National Association of Government Contractors


Defense Review of Regulations Includes Acquisition

In response to White House orders issued back in February, that agencies reduce and reform regulations by getting rid of two for every new one they write, the Defense Department is currently reviewing 716 of their agency rules.

DoD has 15 different regulations for the Freedom of Information Act alone, 21 rules related to privacy, while a considerable portion of the 716 regulations under review -- 350 of  them --- are acquisition related.

"We have a centralized task force made up of senior representatives who meet biweekly to look at regulations," said Joo Chung, DoD's director of oversight and compliance in the Office of the Deputy Chief Management Officer, during a presentation at an industry event in Arlington, Virginia on Aug. 22.

"We've scheduled meetings out until 2018 to review all of these regulations on a biweekly basis so components know when they will need to brief the task force. We also tried to set up workshops before the task force briefings for components to work through the regulations. This way you are getting the subject matter expert buy-in on the recommendations. This effort does require general counsel reviews prior to when the recommendations are provided to task force for review. This is one way to be effective and ensure we as members of the task force have information we can rely on to talk about regulations at the meetings." 

Chung said expert subgroups are looking at specific areas such as acquisition, transportation and health care to review rules and make recommendations to the task force.

The task force within DoD was empanelled in late April and has been looking at about 10 regulations per meeting, sending their recommendations to Secretary James Mattis for review and approval.

Linda Nielson, deputy director in the Office of Defense Acquisition Regulations System for the Defense Procurement and Acquisition Policy, has stated that the Pentagon is taking a multi-step approach to review acquisition rules.

Nielson said the first step is to do historical research on all the provisions and clauses.

"Over about two-to-three weeks, the Defense Federal Acquisition Regulations (DFARs) staff did nothing but research. Some of the provisions have been around for such a long time that we couldn't find any evidence of their insertion into our regulations," Nielson said at the Arlington, VA meeting. "For all 350, we compiled the intended outcome of the regulations, what was the reason it was identified as an issue that required codifying. We have a copy of the description of the use and we came up with way of archiving them for every provision."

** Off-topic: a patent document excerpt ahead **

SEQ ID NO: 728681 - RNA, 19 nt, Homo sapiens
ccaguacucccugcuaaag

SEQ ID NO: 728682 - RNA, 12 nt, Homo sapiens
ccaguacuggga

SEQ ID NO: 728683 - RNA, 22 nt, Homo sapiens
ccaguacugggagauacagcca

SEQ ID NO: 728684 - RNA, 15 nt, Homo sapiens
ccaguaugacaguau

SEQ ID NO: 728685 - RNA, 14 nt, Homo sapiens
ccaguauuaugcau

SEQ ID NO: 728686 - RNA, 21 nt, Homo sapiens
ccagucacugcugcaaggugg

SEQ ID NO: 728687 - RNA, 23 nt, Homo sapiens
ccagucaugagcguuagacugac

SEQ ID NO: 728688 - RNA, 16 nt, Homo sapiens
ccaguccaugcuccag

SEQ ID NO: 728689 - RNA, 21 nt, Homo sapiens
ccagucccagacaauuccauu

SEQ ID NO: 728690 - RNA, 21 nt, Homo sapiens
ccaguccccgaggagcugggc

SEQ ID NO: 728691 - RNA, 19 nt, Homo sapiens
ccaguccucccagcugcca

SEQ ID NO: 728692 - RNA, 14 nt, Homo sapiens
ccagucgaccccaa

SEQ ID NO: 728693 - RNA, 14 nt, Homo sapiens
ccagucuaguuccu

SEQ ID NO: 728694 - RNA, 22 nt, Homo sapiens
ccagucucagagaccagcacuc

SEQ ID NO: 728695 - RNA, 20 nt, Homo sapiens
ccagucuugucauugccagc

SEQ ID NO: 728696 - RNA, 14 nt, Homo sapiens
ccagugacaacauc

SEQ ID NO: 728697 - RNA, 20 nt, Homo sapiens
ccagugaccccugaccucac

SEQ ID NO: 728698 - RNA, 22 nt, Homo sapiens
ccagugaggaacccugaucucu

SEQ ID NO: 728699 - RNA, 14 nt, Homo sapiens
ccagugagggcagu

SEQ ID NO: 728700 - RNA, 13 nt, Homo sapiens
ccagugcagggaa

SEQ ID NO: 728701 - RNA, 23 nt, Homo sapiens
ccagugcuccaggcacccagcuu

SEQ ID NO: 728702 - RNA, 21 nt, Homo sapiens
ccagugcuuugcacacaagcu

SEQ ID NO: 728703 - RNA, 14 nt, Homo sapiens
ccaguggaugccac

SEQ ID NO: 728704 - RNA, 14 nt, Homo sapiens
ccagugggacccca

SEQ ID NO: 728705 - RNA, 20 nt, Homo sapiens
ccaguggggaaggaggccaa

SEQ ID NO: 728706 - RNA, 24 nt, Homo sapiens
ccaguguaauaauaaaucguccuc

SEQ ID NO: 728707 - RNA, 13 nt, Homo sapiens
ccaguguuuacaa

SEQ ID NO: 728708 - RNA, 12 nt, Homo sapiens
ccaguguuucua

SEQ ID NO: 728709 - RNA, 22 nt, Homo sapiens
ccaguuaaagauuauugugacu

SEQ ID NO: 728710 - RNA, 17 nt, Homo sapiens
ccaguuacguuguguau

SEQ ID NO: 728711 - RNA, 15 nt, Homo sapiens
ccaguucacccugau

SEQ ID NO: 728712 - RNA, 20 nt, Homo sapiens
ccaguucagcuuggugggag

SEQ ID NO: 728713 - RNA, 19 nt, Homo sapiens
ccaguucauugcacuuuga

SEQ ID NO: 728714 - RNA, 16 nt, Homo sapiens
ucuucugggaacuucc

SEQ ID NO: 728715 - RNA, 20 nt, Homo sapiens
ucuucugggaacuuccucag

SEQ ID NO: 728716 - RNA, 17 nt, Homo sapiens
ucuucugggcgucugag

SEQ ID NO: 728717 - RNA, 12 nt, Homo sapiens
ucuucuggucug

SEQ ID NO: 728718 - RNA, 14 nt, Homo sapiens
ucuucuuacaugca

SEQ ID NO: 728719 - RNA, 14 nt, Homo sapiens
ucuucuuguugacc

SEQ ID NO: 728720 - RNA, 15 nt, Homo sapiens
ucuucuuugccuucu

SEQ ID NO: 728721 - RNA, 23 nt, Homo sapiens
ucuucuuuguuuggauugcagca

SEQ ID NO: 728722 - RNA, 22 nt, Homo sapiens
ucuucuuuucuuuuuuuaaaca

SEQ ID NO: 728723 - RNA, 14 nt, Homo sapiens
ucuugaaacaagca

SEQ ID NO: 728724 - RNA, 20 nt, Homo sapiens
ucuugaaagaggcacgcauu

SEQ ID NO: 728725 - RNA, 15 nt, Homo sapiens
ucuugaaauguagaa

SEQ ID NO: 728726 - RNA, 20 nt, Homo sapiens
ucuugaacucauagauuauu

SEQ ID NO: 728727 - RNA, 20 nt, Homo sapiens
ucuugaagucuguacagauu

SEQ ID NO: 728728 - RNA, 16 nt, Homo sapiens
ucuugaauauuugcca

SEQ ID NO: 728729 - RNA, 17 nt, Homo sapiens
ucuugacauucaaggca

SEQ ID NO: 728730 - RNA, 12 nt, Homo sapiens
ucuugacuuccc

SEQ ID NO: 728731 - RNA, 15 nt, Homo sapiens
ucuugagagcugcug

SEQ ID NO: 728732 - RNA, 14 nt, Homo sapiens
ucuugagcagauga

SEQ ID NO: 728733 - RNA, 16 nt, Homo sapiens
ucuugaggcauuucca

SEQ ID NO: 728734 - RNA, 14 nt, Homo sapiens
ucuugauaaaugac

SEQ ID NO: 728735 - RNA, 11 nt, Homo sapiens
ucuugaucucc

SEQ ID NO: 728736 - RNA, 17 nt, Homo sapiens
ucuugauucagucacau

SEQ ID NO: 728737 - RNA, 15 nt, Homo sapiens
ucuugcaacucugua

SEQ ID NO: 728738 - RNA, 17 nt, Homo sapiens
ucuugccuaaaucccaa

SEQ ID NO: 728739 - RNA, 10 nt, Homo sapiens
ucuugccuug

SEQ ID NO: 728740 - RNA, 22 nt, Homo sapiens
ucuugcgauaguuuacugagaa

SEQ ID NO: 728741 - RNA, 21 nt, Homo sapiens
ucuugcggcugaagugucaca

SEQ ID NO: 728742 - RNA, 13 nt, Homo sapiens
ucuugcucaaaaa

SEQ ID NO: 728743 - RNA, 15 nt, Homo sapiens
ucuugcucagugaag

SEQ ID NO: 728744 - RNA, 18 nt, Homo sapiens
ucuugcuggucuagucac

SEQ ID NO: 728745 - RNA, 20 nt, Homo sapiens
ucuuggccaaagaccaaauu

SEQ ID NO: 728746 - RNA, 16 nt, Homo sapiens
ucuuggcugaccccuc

Nielson said under Step Two, subject matter experts evaluated whether or not the provision or clause is providing benefits under the terms of the executive order.

DoD issued a Federal Register notice in June seeking comments provisions and contract clauses that may be appropriate for repeal, replacement or modification. On Aug. 1, DoD extended the comment period to Sept. 11.

One major change to the way DoD is reviewing acquisition regulations is adding a third way to measure the burden of the rules on citizens and businesses.

Nielson said the military regularly estimates the impact of regulations through Paperwork Reduction Act (PRA) and through the Small Business Regulatory Flexibility Act, but now is adding an estimate of the compliance burden.

"We will estimate the compliance burden outside of the PRA view of burden," she said. "At this point, for the purpose of the task force, we are using information we have on hand and using OMB's approved assessment or estimate of what PRA burden is. All of these recommendations for change will undergo rulemaking under the Office of Federal Procurement Policy Act."

This process will not be a fast one. Nielson said it could take 18-to-24 months to go through the rulemaking process to change or terminate existing rules, while others would need congressional action because the rules are based on legislation.

She said many of these changes would come about in 2019 and 2020.

Still Nielson said DoD has confidence this process as it has done regulatory reform reviews previously over the last decade or more, but this one is different because it's a more concentrated effort than ever before.



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